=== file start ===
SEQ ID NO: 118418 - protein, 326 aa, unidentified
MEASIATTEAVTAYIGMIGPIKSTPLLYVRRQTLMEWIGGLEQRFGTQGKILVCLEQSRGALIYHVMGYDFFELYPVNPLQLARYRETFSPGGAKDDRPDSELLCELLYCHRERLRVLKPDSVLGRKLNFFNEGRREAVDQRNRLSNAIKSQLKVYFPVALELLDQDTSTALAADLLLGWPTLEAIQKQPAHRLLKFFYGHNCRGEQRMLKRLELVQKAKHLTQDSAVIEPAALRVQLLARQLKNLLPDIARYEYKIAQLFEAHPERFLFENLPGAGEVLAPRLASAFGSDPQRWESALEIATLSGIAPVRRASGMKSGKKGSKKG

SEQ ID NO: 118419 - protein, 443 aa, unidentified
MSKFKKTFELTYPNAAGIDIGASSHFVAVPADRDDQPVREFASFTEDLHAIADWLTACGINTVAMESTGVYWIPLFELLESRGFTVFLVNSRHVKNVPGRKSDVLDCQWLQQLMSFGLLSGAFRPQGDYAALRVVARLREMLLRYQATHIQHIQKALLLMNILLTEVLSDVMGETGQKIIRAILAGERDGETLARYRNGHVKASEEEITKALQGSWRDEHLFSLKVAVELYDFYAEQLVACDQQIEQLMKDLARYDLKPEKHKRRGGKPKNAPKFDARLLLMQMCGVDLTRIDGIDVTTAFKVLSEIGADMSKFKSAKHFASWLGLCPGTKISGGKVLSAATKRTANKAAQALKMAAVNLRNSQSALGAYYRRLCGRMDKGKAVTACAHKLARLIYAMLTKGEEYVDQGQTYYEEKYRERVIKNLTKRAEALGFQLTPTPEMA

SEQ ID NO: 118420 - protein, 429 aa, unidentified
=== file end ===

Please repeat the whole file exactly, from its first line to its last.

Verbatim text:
SEQ ID NO: 118418 - protein, 326 aa, unidentified
MEASIATTEAVTAYIGMIGPIKSTPLLYVRRQTLMEWIGGLEQRFGTQGKILVCLEQSRGALIYHVMGYDFFELYPVNPLQLARYRETFSPGGAKDDRPDSELLCELLYCHRERLRVLKPDSVLGRKLNFFNEGRREAVDQRNRLSNAIKSQLKVYFPVALELLDQDTSTALAADLLLGWPTLEAIQKQPAHRLLKFFYGHNCRGEQRMLKRLELVQKAKHLTQDSAVIEPAALRVQLLARQLKNLLPDIARYEYKIAQLFEAHPERFLFENLPGAGEVLAPRLASAFGSDPQRWESALEIATLSGIAPVRRASGMKSGKKGSKKG

SEQ ID NO: 118419 - protein, 443 aa, unidentified
MSKFKKTFELTYPNAAGIDIGASSHFVAVPADRDDQPVREFASFTEDLHAIADWLTACGINTVAMESTGVYWIPLFELLESRGFTVFLVNSRHVKNVPGRKSDVLDCQWLQQLMSFGLLSGAFRPQGDYAALRVVARLREMLLRYQATHIQHIQKALLLMNILLTEVLSDVMGETGQKIIRAILAGERDGETLARYRNGHVKASEEEITKALQGSWRDEHLFSLKVAVELYDFYAEQLVACDQQIEQLMKDLARYDLKPEKHKRRGGKPKNAPKFDARLLLMQMCGVDLTRIDGIDVTTAFKVLSEIGADMSKFKSAKHFASWLGLCPGTKISGGKVLSAATKRTANKAAQALKMAAVNLRNSQSALGAYYRRLCGRMDKGKAVTACAHKLARLIYAMLTKGEEYVDQGQTYYEEKYRERVIKNLTKRAEALGFQLTPTPEMA

SEQ ID NO: 118420 - protein, 429 aa, unidentified